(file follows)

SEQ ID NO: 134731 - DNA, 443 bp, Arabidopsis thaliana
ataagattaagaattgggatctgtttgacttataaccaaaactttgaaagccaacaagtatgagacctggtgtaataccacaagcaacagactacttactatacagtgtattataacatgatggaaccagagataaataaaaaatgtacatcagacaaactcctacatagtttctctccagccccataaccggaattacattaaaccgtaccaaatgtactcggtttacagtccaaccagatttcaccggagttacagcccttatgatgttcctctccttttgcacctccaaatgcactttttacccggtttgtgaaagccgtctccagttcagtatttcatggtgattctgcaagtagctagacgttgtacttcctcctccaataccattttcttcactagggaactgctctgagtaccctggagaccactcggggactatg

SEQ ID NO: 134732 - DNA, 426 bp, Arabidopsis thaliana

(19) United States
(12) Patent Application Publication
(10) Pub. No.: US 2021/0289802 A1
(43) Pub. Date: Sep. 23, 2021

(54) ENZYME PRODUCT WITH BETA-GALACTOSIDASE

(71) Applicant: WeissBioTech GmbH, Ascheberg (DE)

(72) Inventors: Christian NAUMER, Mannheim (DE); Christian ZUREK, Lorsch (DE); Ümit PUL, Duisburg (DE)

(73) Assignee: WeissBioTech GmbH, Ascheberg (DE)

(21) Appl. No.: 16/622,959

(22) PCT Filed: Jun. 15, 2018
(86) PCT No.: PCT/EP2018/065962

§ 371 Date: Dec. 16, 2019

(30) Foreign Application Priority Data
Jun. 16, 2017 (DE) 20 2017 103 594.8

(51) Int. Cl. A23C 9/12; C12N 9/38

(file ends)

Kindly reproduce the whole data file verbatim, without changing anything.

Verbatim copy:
SEQ ID NO: 134731 - DNA, 443 bp, Arabidopsis thaliana
ataagattaagaattgggatctgtttgacttataaccaaaactttgaaagccaacaagtatgagacctggtgtaataccacaagcaacagactacttactatacagtgtattataacatgatggaaccagagataaataaaaaatgtacatcagacaaactcctacatagtttctctccagccccataaccggaattacattaaaccgtaccaaatgtactcggtttacagtccaaccagatttcaccggagttacagcccttatgatgttcctctccttttgcacctccaaatgcactttttacccggtttgtgaaagccgtctccagttcagtatttcatggtgattctgcaagtagctagacgttgtacttcctcctccaataccattttcttcactagggaactgctctgagtaccctggagaccactcggggactatg

SEQ ID NO: 134732 - DNA, 426 bp, Arabidopsis thaliana

(19) United States
(12) Patent Application Publication
(10) Pub. No.: US 2021/0289802 A1
(43) Pub. Date: Sep. 23, 2021

(54) ENZYME PRODUCT WITH BETA-GALACTOSIDASE

(71) Applicant: WeissBioTech GmbH, Ascheberg (DE)

(72) Inventors: Christian NAUMER, Mannheim (DE); Christian ZUREK, Lorsch (DE); Ümit PUL, Duisburg (DE)

(73) Assignee: WeissBioTech GmbH, Ascheberg (DE)

(21) Appl. No.: 16/622,959

(22) PCT Filed: Jun. 15, 2018
(86) PCT No.: PCT/EP2018/065962

§ 371 Date: Dec. 16, 2019

(30) Foreign Application Priority Data
Jun. 16, 2017 (DE) 20 2017 103 594.8

(51) Int. Cl. A23C 9/12; C12N 9/38